# Naïve Bayes

Naive Bayes is a Machine Learning algorithm for the classification task". It make the substantial assumption (called the Naive Bayes assumption) that all features are independent of one another, given the classification label. This assumption is wrong, but allows for a fast and quick algorithm that is often useful. In order to implement Naive Bayes you will need to learn how to train your model and how to use it to make predictions, once trained.

## Training (aka Parameter Estimation)

The objective in training is to estimate the probabilities $P(Y)$ and $P(X_i | Y)$ for all $0 < i \leq m$ features. We use the symbol $\hat{p}$ to make it clear that the probability is an estimate.

Using an MLE estimate: \begin{align*} \hat{p}(X_i = x_i | Y = y) = \frac{ (\text{# training examples where $X_i = x_i$ and $Y = y$})}{(\text{# training examples where $Y = y$})} \end{align*}

Using a Laplace MAP estimate: \begin{align*} \hat{p}(X_i = x_i | Y = y) = \frac{ (\text{# training examples where $X_i = x_i$ and $Y = y$}) + 1 }{(\text{# training examples where $Y = y$}) + 2} \end{align*}

The prior probability of $Y$ trained using an MLE estimate: \begin{align*} \hat{p}(Y = y) = \frac{ (\text{# training examples where $Y = y$) }}{(\text{# training examples)}} \end{align*}

## Prediction

For an example with $\mathbf{x} = [x_1, x_2, \dots , x_m]$, estimate the value of $y$ as: \begin{align*} \hat{y} &= \argmax_{y = \{0, 1\}} \text{ } \log \hat{p}(Y = y) + \sum_{i=1}^m \log \hat{p}(X_i = x_i | Y = y) \end{align*} Note that for small enough datasets you may not need to use the log version of the argmax.

## Theory

In the world of classification when we make a prediction we want to chose the value of $y$ that maximizes $P(Y=y|\mathbf{X})$. \begin{align*} \hat{y} &= \argmax_{y = \{0, 1\}} P(Y = y|\mathbf{X} = \mathbf{X}) && \text{Our objective}\\ &= \argmax_{y = \{0, 1\}} \frac{P(Y=y)P(\mathbf{X} =\mathbf{x}| Y = y)}{P(\mathbf{X} =\mathbf{x})} && \text{By bayes theorem}\\ &= \argmax_{y = \{0, 1\}} P(Y=y)P(\mathbf{X} =\mathbf{x}| Y = y)) && \text{Since $P(\mathbf{X} =\mathbf{x})$ is constant with respect to $Y$} \end{align*}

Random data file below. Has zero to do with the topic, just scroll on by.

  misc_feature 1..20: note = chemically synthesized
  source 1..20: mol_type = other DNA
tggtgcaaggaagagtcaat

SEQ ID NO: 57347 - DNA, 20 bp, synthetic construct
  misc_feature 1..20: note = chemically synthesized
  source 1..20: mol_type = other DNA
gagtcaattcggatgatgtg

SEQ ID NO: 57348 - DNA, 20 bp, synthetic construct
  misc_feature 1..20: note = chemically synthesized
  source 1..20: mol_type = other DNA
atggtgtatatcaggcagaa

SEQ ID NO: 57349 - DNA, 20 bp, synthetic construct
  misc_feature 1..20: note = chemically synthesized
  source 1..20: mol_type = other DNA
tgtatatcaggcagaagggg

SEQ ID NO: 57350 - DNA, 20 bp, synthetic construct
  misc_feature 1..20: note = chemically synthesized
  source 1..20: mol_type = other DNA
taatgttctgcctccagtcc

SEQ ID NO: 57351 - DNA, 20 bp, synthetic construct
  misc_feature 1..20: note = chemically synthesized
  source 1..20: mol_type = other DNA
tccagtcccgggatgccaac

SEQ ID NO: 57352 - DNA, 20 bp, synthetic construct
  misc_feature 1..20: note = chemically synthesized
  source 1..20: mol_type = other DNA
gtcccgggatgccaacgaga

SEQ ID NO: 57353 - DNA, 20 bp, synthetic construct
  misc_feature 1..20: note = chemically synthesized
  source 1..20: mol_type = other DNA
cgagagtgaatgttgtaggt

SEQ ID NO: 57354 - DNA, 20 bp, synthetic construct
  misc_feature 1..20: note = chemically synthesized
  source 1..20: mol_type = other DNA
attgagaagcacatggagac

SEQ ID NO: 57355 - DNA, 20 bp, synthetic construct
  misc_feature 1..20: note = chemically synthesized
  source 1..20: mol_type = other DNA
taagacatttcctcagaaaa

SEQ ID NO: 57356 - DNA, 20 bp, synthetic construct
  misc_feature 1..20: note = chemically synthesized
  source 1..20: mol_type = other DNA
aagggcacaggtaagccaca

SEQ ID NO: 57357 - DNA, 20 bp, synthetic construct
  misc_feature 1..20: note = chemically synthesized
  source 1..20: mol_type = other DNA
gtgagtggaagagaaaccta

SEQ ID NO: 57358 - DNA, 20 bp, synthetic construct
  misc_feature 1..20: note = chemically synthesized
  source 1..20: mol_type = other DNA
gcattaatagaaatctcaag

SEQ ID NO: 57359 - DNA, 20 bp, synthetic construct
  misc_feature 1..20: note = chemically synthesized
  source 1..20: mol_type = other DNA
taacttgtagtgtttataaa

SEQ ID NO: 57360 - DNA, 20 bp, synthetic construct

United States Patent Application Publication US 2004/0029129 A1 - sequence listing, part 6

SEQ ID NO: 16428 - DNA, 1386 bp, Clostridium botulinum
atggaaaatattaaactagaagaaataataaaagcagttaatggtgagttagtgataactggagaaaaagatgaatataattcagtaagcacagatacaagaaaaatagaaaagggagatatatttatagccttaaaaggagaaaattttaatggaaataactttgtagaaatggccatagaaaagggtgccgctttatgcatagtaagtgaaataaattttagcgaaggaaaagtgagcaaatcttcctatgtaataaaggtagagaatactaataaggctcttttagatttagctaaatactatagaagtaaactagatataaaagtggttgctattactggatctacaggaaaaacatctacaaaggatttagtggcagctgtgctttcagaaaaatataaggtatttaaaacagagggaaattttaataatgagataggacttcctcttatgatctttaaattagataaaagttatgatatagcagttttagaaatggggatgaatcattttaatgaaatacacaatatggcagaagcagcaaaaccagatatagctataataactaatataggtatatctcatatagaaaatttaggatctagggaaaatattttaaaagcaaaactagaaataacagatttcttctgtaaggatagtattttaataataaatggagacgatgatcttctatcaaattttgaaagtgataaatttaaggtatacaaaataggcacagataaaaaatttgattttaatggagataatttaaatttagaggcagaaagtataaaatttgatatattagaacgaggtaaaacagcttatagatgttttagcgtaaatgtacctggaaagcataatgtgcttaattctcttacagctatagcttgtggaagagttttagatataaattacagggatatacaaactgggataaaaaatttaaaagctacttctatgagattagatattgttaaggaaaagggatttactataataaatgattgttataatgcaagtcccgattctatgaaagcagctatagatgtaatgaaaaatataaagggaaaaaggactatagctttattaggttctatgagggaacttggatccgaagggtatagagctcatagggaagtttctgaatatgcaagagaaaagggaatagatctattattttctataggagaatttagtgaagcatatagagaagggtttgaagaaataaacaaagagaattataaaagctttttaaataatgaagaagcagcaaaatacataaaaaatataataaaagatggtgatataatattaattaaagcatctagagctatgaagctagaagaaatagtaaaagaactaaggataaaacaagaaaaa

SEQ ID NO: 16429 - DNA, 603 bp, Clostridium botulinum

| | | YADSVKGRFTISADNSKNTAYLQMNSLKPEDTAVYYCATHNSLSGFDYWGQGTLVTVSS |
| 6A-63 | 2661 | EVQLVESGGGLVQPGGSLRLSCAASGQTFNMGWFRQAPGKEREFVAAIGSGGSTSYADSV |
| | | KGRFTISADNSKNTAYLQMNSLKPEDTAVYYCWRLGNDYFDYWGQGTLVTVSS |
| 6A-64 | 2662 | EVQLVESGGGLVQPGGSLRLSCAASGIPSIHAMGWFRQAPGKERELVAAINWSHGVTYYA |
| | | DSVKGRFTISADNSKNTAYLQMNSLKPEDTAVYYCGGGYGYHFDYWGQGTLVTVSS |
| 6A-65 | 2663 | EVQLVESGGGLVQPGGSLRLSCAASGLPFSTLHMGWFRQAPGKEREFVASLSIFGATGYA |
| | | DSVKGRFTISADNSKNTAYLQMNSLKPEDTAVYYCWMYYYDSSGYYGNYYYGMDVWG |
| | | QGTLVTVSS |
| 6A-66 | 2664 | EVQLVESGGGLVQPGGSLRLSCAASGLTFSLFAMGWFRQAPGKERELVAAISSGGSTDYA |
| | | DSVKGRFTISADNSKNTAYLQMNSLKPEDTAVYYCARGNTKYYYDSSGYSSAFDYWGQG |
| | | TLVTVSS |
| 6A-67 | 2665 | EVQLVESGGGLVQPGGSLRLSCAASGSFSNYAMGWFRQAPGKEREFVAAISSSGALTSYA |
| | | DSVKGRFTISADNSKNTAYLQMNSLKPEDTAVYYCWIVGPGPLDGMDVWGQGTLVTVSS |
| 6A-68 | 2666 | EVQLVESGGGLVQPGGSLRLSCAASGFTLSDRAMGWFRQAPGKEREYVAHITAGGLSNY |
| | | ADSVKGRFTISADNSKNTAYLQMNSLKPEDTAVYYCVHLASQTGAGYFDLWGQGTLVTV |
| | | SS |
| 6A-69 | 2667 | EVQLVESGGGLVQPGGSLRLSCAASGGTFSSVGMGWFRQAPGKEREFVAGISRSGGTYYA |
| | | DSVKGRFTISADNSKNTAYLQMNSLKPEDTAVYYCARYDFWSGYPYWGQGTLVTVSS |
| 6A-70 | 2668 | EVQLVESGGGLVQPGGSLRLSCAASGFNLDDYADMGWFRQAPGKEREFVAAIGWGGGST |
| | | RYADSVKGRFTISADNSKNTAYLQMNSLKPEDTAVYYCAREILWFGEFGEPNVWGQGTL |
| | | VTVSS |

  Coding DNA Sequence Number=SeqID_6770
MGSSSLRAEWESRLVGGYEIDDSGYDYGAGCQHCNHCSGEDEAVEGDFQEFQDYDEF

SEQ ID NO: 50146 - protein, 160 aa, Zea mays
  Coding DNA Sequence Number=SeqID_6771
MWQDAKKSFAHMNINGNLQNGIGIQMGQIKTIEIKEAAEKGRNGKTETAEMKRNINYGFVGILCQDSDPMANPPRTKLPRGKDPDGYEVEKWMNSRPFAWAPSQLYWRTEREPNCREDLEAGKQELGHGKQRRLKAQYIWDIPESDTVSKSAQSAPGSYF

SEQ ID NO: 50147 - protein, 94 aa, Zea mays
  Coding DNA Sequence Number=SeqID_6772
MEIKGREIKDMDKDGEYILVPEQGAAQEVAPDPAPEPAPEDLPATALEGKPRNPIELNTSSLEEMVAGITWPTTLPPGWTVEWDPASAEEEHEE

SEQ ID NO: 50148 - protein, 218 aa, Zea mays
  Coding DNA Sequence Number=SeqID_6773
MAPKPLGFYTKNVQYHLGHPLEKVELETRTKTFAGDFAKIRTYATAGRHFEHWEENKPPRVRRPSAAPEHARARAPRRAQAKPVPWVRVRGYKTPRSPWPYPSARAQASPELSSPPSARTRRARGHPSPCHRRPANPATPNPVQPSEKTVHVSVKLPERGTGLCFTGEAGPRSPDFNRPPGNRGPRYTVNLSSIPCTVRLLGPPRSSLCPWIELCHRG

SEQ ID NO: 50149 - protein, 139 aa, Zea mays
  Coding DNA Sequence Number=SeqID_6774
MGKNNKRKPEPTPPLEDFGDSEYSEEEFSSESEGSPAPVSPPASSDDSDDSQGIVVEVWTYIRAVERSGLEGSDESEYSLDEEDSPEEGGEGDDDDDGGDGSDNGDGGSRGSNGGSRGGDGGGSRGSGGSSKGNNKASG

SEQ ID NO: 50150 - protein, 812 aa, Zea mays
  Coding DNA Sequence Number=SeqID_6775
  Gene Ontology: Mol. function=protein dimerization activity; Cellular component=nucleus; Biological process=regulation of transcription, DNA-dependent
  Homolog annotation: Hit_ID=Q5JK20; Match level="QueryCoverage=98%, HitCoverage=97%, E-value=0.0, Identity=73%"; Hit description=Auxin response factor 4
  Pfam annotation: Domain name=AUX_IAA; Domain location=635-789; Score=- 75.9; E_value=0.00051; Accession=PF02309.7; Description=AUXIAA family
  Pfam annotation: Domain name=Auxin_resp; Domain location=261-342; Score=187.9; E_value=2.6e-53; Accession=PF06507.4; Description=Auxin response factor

Using our training data we could interpret the joint distribution of $\mathbf{X}$ and $Y$ as one giant multinomial with a different parameter for every combination of $\mathbf{X}=\mathbf{x}$ and $Y=y$. If for example, the input vectors are only length one. In other words $|\mathbf{x}| = 1$ and the number of values that $x$ and $y$ can take on are small, say binary, this is a totally reasonable approach. We could estimate the multinomial using MLE or MAP estimators and then calculate argmax over a few lookups in our table.

The bad times hit when the number of features becomes large. Recall that our multinomial needs to estimate a parameter for every unique combination of assignments to the vector $\mathbf{x}$ and the value $y$. If there are $|\mathbf{x}| = n$ binary features then this strategy is going to take order $\mathcal{O}(2^n)$ space and there will likely be many parameters that are estimated without any training data that matches the corresponding assignment.

Naive Bayes Assumption
The Naïve Bayes Assumption is that each feature of $\mathbf{x}$ is independent of one another given $y$.

The Naïve Bayes Assumption is wrong, but useful. This assumption allows us to make predictions using space and data which is linear with respect to the size of the features: $\mathcal{O}(n)$ if $|\mathbf{x}| = n$. That allows us to train and make predictions for huge feature spaces such as one which has an indicator for every word on the internet. Using this assumption the prediction algorithm can be simplified. \begin{align*} \hat{y} &= \argmax\limits_{y = \{0, 1\}} \text{ }P(Y = y)P(\mathbf{X} = \mathbf{x}| Y = y) && \text{As we last left off}\\ &= \argmax\limits_{y = \{0, 1\}} \text{ } P(Y= y)\prod_i P(X_i = x_i| Y = y) &&\text{Naïve bayes assumption}\\ &= \argmax\limits_{y = \{0, 1\}} \text{ } \log P(Y = y) + \sum_i \log P(X_i = x_i| Y = y) && \text{For numerical stability}\\ \end{align*}

In the last step we leverage the fact that the argmax of a function is equal to the argmax of the log of a function. This algorithm is both fast and stable both when training and making predictions.